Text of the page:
Latin America Green News: 09/17 - 09/21/2018

THIS WEEK: Latin America participates in World Car-Free Day, Mexico, Canada and Chile present on advances of the Declaration on Carbon Pricing in the Americas, New species of coral discovered in Panama

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FEATURE: Latin America participates in World Car-Free Day

On Saturday September 22, cities around the globe participated in World Car-Free Day. Its objective is the promotion of the use of public transportation and sustainable mobility, such as cycling or walking. World Car-Free Day also seeks to raise awareness of the negative effects of the excessive use of vehicles.

In Latin America, 80% of the population lives in cities. The region's fossil fuel consumption is driven primarily by the transportation sector, the source of over a third of its CO2 emissions. Latin America has recently been taking measures to promote sustainable mobility and to invest in clean energy. Below are a few examples of activities in Latin American cities to celebrate World Car-Free Day. 

In Mexico City, the government banned cars in the historic center of the city. Cyclists and pedestrians took advantage to request that this measure be made permanent. In Colombia, the Mayor of Cali stated that he wanted the population to learn more about how to use public transportation and bicycles. In Trujillo, Peru, hundreds took advantage to tour the streets of the Historic Center on foot or by bicycle. 

To read more about World Car-Free Day, check out Erika Moyer's blog here.

TRANSPORTATION

The Ministry of Energy and Mines of Peru is working on regulations to promote and facilitate access to electric cars. Part of the plan is to include tax incentives for consumers buying EVs in order to begin promoting them. Currently, no importer in Peru is selling 100 percent electric cars. However, according to the Ministry of Energy and Mines, the country is in great condition for electric mobility as Peru has clean energy and produces it in large quantities. The more electric vehicles circulating in the country, the more local electricity will be consumed and therefore less oil will be imported. The Government is also working on the legal framework to introduce electric buses. The first electric bus will start circulating in Lima today. In a few weeks, two more buses will arrive on traditional public transport routes as part of a pilot project. (Peru 21 09/17/2018; La Republica 09/23/2018)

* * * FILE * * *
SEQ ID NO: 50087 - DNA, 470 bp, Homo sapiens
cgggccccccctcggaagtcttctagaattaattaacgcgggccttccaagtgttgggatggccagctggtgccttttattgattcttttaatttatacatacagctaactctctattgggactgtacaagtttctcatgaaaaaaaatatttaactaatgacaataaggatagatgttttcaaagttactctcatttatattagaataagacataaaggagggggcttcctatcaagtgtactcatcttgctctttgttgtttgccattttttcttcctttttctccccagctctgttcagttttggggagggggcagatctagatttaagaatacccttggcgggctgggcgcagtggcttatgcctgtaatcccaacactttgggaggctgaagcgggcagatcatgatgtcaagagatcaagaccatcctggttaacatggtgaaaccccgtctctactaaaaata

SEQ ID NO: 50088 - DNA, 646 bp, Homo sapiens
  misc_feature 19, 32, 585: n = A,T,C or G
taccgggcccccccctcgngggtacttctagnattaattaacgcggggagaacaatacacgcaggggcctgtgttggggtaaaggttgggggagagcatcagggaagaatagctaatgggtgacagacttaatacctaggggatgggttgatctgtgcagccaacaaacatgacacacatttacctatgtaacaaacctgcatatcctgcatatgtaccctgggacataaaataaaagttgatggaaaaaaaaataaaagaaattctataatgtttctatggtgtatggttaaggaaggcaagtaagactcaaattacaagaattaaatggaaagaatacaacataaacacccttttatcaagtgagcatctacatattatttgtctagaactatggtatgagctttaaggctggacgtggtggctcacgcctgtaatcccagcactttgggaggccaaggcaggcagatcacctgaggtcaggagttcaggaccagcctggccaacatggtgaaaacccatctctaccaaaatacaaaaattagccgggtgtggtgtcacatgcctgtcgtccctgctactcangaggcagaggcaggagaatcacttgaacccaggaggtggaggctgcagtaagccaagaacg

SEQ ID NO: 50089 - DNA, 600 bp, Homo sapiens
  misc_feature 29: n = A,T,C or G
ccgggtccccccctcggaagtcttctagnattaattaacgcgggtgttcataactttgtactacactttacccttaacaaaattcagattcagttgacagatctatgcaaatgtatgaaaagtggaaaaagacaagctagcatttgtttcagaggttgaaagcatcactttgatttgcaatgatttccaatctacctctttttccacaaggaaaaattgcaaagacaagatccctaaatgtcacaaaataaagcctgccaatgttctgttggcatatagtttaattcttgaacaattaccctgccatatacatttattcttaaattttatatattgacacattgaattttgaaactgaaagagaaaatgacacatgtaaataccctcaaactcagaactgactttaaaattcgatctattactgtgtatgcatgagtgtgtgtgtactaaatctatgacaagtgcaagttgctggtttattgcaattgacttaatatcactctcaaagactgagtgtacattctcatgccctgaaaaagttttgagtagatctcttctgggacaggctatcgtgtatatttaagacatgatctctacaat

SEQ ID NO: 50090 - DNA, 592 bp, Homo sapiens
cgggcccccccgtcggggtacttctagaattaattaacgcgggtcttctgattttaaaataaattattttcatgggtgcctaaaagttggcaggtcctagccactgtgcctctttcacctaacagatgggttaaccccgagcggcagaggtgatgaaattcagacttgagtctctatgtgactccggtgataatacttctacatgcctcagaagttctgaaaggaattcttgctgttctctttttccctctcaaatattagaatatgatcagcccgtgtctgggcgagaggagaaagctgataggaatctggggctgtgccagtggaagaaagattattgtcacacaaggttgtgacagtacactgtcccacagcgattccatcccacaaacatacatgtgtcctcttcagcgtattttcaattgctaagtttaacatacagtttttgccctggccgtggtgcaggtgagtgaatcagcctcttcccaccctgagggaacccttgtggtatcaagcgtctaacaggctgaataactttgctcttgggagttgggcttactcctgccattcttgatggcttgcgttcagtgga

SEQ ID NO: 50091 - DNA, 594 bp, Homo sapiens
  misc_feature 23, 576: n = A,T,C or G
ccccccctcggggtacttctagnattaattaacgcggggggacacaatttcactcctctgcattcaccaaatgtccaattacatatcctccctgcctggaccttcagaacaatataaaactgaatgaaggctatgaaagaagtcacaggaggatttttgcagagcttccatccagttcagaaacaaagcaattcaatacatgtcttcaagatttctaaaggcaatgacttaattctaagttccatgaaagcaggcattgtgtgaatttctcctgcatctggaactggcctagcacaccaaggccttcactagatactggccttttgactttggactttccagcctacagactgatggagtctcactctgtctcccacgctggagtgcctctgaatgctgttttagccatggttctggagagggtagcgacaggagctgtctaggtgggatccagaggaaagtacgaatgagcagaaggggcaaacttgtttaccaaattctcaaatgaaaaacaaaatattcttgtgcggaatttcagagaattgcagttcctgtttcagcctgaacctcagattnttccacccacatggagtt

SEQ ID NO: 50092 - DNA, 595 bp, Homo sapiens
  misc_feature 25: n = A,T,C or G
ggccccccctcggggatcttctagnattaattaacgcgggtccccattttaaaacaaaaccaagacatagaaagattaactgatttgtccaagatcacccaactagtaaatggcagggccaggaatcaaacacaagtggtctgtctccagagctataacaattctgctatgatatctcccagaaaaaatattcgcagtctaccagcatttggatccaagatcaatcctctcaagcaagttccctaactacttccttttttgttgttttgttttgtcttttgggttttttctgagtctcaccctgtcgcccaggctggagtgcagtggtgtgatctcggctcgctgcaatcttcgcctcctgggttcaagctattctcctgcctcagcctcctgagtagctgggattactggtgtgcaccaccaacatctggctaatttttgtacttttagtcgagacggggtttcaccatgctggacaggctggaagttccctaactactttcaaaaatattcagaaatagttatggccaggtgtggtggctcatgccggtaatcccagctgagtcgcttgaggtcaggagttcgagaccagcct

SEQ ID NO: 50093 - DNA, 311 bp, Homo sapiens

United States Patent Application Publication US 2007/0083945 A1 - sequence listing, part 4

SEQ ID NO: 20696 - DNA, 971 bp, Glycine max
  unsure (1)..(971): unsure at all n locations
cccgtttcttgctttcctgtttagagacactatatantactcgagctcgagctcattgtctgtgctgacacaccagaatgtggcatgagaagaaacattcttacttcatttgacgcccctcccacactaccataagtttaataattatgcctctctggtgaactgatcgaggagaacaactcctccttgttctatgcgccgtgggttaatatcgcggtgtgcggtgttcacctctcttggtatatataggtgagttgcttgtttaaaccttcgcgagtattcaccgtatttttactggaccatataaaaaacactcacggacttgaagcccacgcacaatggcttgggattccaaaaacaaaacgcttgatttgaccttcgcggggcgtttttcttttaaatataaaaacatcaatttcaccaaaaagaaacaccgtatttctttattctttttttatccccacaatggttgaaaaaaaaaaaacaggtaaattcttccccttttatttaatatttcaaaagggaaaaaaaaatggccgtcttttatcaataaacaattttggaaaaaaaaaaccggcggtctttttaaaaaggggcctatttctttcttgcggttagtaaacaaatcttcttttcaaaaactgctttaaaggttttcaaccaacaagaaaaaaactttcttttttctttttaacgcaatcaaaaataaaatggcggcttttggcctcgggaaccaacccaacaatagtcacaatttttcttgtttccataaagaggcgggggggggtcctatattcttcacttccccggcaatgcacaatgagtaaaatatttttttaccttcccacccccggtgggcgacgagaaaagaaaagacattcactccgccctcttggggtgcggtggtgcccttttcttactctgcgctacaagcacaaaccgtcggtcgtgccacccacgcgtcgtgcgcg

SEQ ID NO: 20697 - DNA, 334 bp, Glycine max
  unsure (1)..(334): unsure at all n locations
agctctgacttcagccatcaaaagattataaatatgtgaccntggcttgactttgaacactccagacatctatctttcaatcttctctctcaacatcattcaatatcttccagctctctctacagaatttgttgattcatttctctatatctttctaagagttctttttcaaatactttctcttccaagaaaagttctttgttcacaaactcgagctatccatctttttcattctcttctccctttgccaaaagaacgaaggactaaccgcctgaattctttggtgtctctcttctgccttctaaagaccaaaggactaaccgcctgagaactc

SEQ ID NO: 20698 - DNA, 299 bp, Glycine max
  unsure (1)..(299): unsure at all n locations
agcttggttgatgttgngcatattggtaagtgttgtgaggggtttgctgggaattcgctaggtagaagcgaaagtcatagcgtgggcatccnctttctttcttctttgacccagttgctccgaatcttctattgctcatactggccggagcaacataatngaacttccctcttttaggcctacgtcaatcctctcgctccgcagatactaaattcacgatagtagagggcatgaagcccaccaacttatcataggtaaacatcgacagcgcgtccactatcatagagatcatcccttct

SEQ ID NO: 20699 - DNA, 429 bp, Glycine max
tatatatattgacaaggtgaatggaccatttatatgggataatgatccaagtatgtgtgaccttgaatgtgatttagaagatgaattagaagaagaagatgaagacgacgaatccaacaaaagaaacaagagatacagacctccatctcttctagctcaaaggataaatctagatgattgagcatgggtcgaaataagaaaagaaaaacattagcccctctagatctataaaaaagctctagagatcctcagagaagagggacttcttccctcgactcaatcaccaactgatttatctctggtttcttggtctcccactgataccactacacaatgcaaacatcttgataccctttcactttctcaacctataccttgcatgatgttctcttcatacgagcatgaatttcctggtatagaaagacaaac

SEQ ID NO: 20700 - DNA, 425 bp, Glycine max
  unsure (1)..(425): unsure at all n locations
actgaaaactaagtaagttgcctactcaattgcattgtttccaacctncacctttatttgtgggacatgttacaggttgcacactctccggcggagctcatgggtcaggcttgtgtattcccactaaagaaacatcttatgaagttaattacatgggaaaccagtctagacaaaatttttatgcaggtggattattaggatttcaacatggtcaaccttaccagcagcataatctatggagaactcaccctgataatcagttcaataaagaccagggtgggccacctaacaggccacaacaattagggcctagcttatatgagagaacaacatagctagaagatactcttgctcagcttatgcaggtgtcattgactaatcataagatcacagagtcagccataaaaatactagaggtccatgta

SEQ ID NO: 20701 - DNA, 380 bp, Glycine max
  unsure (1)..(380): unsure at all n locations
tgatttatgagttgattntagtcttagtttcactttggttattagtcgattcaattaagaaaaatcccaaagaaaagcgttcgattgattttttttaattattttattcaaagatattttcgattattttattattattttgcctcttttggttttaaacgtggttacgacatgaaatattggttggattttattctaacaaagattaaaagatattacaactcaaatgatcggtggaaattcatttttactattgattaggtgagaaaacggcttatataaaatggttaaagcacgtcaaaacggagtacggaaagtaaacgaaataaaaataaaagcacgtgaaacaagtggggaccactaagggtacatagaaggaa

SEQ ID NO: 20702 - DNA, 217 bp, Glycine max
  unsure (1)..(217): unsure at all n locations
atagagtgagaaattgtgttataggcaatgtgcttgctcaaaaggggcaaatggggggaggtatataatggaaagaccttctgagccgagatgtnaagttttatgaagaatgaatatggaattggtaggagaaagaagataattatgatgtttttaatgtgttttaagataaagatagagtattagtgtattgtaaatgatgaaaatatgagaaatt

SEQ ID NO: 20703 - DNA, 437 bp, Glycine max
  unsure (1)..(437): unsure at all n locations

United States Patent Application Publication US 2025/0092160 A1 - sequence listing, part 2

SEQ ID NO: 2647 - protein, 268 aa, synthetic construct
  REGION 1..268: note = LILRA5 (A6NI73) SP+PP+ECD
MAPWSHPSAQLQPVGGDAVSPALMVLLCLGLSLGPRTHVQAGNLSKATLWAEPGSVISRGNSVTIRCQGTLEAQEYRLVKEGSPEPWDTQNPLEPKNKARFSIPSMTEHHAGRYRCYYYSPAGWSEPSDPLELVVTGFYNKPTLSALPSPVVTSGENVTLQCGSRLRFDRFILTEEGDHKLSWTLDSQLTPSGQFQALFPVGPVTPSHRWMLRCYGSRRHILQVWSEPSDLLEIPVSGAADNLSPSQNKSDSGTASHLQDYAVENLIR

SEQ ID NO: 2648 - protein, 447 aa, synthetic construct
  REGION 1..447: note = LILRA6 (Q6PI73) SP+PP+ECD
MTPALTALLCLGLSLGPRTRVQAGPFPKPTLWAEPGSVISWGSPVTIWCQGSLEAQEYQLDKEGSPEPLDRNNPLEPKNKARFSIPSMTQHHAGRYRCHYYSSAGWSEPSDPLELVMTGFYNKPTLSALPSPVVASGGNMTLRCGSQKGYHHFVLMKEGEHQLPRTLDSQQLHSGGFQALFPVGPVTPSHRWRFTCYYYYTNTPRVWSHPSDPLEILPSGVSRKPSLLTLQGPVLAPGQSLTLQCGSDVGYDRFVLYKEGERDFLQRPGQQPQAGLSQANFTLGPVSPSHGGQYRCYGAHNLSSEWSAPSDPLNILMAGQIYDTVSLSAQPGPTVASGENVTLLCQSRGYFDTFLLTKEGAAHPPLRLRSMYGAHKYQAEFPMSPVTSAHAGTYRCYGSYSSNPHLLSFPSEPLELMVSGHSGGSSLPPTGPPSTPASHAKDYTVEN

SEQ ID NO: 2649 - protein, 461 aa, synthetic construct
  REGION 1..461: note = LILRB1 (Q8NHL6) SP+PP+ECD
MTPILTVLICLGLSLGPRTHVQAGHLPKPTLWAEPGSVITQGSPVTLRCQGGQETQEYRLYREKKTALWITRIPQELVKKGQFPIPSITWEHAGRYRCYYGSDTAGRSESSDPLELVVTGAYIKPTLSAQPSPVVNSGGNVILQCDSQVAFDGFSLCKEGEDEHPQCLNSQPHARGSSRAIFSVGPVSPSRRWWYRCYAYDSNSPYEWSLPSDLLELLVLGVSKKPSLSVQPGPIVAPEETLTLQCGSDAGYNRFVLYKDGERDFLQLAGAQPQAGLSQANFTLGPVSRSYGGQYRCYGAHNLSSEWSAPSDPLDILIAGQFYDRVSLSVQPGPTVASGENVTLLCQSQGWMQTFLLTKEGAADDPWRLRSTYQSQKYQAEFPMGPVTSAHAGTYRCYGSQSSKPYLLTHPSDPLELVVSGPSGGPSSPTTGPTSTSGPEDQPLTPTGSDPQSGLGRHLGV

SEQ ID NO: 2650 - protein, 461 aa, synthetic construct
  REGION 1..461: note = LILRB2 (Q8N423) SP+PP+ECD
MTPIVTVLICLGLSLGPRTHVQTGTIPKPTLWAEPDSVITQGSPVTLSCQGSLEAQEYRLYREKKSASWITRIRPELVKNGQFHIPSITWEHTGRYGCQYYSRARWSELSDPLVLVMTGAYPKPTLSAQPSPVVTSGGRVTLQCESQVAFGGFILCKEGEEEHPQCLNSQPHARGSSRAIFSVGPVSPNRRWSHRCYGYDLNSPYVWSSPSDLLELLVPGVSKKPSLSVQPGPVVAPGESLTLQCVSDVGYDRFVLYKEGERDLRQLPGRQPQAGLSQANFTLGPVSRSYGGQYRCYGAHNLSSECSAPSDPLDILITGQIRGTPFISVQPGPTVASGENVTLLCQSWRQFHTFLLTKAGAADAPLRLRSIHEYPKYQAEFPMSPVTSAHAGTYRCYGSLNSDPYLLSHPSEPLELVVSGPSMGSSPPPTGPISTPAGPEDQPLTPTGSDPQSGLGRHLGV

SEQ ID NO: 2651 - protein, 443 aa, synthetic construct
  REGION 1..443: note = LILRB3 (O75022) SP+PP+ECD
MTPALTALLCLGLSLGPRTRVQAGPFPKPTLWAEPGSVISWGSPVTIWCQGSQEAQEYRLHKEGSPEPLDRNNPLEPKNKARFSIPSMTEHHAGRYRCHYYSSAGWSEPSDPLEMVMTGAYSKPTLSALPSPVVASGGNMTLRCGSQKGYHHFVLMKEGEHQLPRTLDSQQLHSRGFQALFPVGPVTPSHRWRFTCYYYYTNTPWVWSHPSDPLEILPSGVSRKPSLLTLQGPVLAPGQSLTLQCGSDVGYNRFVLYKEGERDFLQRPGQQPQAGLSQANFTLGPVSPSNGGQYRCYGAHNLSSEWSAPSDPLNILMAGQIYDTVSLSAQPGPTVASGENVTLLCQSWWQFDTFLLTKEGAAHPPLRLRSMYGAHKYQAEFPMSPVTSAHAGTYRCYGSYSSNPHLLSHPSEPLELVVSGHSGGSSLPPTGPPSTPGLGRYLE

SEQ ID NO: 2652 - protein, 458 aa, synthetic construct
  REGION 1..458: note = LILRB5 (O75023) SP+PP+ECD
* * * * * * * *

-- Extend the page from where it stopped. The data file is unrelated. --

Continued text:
Costa Rica inaugurated the first fast charging station for electric vehicles. The device was installed in the branch office of the National Power and Lighting Company. It is capable of charging 80 percent of a battery in 30 minutes and has both American and Japanese connection standards, compatible with the vehicles that are currently circulating the country. The government plans to install 28 other fast charging stations in the near future. (La Republica  09/11/2018)

GREEN FINANCE

During the Global Climate Action Summit (GCAS), Mexico, Canada and Chile, presented on the advances of the Declaration on Carbon Pricing in the Americas, an initiative announced last December that seeks to promote intraregional carbon markets and standardize their pricing systems. Mexico informed that it will start a pilot carbon market in 2019 and that by 2022 it will fully operational. Argentina, Chile, Colombia and Mexico already apply a carbon tax, while Costa Rica is working on designing its own carbon tax. (Semarnat Press Release 09/18/2018)

OCEANS

A new species of coral has been discovered 60 kilometers (approx. 37 miles) from the Pacific coast of Panama, in the deep reef next to the island of Coiba. The discovered coral has a bright red color and differs from other species by the thickness of its arms and its vivid chromatism. Hector Guzman, a marine ecologist from the Smithsonian Tropical Institute in Panama, has emphasized the possible medical applications of this type of finding. For example, anti-inflammatory and anti-cancer properties are being identified in corals. (Frontera Info 09/17/2018)

Coral Reef in Coiba Island, Panama

Photo via Flickr, Chris "Chrigel" Karrer

CONSERVATION

Representatives from seven South American countries, Bolivia, Brazil, Colombia, Ecuador, Guyana, Peru, and Venezuela, joined scientific institutions, NGO’s and civil society in a meeting in Lima to discuss conservation in the Amazon rainforest. Their aim was to disseminate initiatives that have had an impact beyond the jurisdictional limits of protected areas, based on 46 successful examples of management of protected areas. The Amazon has 1,033 protected areas, which means that 33% of its space is protected under some form of conservation. The results of the meeting will be presented later in the third Congress of Protected Areas of Latin America and the Caribbean, to be held in Lima in March 2019. (EFE 09/12/2018)

About the Authors

Erika Moyer

Program Assistant, Latin America and International Climate

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